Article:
Now this is the panel we’ve all been waiting for! Featuring Meg Pickard from The Guardian, Corey Bridges the Co-founder of The Multiverse Network, Aleks Krotoski from The Guardian Games Blog, Cory Doctorow from Boing Boing, and Giff Constable from the software business unit at the Electric Sheep company.
First question out of the gate is whether social networking sites are any different to virtual worlds. Meg Pickard claims that it’s pretty much the same thing, “they’re exploring, they’re creating, they’re dominating or trying to succeed”, and above all, engaging with other users or friends.
Aleks Krotoski, who is also doing a PhD in virtual worlds, also agrees with Meg, but says the only real difference is that social networking sites generally connects people who know each other already offline, whereas virtual games connects people who generally don’t know each other in the real world.
Giff Constable believes this is going to change, however, and said that we’re going to see more real-world connections being maintained. It appears Corey Bridges, from The Multiverse Network wants to stir the pot a bit, and thinks the two worlds, both virtual and real, can be combined seamlessly.
The last panel member, to put his two pence worth in on this question, is Cory Doctorow, who mentions the differences in social relationships and real relationships, using Facebook’s top friends application as an example, saying we’re not likely to tell our friends in real life that they’re our first best friend, you’re my second, etc…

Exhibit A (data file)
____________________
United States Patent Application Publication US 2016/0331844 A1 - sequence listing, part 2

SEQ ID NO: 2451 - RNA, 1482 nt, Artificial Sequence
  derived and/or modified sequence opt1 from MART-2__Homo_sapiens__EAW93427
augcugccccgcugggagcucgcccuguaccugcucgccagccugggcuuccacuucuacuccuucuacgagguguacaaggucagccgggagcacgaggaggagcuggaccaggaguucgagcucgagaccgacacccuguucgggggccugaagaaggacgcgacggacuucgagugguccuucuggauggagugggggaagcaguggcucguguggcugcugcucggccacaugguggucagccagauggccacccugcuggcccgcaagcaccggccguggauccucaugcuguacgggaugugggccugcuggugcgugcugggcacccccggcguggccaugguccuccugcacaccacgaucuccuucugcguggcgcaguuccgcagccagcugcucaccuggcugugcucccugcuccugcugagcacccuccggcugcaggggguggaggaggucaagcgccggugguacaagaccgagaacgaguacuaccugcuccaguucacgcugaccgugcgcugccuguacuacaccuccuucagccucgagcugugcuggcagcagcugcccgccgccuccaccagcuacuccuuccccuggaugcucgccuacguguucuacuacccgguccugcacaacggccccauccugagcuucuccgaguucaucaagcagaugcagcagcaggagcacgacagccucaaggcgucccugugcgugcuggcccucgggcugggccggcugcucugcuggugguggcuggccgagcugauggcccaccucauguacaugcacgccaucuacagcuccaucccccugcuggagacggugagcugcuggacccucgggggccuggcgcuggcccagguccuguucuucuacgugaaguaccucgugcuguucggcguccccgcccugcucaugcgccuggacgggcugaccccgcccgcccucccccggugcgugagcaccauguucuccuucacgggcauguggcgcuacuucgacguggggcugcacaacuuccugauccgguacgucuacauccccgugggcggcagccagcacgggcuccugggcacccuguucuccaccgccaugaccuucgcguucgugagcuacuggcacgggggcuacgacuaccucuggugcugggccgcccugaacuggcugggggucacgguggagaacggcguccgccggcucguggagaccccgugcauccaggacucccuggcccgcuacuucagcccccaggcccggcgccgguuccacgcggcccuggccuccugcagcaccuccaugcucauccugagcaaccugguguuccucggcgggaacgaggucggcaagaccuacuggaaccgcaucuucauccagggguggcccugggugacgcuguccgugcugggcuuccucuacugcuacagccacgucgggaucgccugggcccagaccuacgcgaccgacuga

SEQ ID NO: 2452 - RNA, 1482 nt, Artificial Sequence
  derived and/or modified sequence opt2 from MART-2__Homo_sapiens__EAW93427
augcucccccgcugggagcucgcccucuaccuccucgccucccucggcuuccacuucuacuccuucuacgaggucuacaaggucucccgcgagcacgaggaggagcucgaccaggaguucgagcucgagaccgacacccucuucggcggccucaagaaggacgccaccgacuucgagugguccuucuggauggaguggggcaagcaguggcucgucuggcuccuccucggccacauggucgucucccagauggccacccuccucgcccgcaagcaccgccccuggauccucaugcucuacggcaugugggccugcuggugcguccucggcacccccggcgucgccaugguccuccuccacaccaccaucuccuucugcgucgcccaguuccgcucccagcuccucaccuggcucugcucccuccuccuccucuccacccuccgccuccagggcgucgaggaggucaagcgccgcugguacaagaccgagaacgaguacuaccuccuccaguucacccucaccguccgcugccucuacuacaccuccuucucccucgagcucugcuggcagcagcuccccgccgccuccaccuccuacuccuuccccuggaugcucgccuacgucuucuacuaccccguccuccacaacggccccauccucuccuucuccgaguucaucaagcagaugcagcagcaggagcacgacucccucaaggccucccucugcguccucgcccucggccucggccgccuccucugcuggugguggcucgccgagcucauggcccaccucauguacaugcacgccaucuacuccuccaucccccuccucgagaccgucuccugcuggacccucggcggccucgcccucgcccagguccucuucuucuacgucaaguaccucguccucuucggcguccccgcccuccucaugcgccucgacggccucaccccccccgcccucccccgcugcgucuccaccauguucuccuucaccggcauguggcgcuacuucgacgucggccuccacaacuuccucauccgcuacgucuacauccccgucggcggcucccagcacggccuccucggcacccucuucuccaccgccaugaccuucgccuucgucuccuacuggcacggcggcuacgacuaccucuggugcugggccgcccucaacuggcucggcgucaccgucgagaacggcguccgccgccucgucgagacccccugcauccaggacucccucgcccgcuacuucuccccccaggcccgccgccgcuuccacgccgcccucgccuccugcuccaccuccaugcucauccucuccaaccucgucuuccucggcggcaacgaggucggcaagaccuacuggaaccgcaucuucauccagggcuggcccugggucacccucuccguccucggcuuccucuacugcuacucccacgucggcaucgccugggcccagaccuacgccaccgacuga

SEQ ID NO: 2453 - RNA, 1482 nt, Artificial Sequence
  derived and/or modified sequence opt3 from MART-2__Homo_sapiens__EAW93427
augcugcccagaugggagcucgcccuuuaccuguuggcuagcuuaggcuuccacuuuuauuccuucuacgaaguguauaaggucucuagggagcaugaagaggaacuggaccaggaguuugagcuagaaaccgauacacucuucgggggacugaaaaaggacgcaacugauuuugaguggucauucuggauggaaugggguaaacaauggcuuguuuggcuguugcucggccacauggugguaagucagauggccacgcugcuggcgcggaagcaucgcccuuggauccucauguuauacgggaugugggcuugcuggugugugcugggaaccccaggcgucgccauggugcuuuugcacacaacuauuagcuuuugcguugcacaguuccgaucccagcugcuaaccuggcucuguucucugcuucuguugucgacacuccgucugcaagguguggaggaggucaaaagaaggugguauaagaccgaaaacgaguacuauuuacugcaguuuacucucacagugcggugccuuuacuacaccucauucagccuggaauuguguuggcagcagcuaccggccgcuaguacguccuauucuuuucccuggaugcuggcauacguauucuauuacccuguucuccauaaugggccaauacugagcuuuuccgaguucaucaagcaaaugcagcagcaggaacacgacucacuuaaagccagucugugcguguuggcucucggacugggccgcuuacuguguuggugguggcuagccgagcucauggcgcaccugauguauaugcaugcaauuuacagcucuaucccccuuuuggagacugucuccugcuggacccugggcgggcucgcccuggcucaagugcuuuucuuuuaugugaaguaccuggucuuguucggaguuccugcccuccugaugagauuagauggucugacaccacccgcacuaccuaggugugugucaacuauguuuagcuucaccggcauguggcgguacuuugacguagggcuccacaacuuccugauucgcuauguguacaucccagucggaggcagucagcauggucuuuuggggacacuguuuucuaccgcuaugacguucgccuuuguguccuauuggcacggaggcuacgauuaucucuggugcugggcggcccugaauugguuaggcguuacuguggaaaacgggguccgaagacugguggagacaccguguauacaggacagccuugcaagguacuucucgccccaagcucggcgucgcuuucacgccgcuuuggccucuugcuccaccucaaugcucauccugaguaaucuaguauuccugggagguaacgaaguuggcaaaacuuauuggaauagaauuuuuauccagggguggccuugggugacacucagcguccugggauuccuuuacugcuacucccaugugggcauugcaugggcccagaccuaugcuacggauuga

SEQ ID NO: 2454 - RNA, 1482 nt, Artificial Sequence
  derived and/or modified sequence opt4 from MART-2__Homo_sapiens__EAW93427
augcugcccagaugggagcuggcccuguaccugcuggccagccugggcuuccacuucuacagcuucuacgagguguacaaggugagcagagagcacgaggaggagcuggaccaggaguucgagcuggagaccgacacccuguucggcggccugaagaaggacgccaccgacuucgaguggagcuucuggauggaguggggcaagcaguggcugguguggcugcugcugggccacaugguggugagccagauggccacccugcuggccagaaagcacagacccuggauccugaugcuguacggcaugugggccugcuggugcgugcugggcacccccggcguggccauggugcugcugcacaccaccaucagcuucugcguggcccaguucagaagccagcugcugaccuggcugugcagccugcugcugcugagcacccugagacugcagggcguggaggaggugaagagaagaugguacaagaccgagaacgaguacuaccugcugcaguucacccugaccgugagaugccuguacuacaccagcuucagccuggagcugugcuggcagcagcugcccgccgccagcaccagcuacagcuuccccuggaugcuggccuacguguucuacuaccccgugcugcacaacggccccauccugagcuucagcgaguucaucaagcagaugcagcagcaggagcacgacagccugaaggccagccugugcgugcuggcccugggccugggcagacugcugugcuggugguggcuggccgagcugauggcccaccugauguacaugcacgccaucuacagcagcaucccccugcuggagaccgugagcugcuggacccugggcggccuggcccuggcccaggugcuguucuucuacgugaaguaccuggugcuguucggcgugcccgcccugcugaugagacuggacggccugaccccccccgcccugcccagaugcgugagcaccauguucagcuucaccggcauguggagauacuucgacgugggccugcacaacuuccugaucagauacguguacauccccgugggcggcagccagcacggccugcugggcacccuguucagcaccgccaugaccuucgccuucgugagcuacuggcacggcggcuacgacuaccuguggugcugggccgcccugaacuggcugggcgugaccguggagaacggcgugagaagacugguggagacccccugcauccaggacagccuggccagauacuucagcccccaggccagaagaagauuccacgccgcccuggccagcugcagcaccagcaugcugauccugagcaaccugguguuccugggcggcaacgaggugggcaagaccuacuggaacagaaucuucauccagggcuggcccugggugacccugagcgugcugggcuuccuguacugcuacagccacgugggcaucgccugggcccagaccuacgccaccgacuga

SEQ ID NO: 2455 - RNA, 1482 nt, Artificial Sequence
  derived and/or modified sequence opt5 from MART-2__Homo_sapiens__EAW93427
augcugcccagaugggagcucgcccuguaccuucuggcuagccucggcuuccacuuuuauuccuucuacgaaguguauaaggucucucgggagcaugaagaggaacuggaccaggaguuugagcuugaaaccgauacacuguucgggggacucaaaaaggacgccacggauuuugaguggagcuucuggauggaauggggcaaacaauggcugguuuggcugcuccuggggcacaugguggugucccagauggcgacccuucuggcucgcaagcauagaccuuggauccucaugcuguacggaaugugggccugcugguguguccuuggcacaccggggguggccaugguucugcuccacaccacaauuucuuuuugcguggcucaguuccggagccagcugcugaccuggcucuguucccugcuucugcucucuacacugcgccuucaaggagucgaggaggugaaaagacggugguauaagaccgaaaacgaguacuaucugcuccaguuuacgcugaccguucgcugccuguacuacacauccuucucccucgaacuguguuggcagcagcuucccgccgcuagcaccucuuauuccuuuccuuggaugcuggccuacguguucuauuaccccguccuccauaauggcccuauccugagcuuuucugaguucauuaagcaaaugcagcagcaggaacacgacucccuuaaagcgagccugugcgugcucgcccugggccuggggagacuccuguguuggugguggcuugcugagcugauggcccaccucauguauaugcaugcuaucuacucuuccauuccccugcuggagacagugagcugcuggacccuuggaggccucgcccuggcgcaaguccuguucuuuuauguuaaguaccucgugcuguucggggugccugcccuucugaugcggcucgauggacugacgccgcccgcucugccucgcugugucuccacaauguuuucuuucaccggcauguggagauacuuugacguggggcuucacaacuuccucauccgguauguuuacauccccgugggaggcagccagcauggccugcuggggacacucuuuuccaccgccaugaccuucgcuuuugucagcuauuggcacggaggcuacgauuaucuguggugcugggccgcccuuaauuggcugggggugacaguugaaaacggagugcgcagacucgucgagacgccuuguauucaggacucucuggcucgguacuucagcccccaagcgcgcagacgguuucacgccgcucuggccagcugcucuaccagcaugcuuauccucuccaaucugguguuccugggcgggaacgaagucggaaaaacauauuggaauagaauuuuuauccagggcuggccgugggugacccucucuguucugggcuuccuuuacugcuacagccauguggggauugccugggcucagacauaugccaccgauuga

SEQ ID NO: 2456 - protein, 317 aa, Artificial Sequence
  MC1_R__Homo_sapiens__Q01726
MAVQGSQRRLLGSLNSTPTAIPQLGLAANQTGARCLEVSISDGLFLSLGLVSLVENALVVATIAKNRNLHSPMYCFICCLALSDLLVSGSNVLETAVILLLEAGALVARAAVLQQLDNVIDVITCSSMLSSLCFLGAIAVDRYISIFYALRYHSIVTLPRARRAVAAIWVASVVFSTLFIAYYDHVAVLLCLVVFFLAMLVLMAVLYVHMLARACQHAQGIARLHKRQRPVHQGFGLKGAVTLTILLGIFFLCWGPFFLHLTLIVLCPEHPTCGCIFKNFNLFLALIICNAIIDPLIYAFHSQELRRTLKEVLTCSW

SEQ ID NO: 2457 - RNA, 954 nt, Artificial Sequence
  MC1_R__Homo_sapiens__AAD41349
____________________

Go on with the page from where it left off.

He also claims that due to being tracked down on social networks by unwanted friends, we tend to merge between sites, and aren’t particularly loyal to one site. However when gaming, if you do own virtual goods in one game, it’s much harder to transfer to another game, thus making people more loyal, perhaps.
Aleks points out that when it boils down to it, we all want to show off when playing games, or using social networking sites. Whether that be through boasting about last night’s activities in your Facebook status update, or decking yourself out in Armani clothing in Second Life, it’s all the same thing really, showing off, and that’s what drives us to continue using these forums for interacting with people.
Corey Bridges adds that there are a lot of boring worlds out there, that not many people inhabit. Users are fickle, and will move on if they’re not tempted by gameplay. Obviously he has a vested interest in this, with his company creating virtual worlds, or adding to them, for people, for free.
Giff Constable asks the panel whether they think social networking sites are as important to high school and university students as virtual worlds. Meg Pickard believes they’re both important, as they’ve got the time, and are wanting to express their personalities to their social circle. It’s also yet another way to acquire status through socialising online.
Having a social networking site, or virtual world which can fit around your schedule is highly important, states Cory Doctorow, particularly for people in their 20s or 30s or are flat-out busy, so something which can be picked up easily is needed. Plus, it’s all about migration – users tend to go where their friends are, and as Aleks Krotoski explains, if someone’s friends are on Facebook, they’re not likely to waste time on WoW, as their friends aren’t there. We don’t stray far from the flock, so the larger the site gets, the more people stick to it, as that’s where their friends are collected.
Having different identities online is important, argues Aleks, as it’s necessary you control your identity online, adapting it for friends’ eyes only, and for colleagues’ eyes only. Having both areas of life gathered as one is dangerous, and not recommended.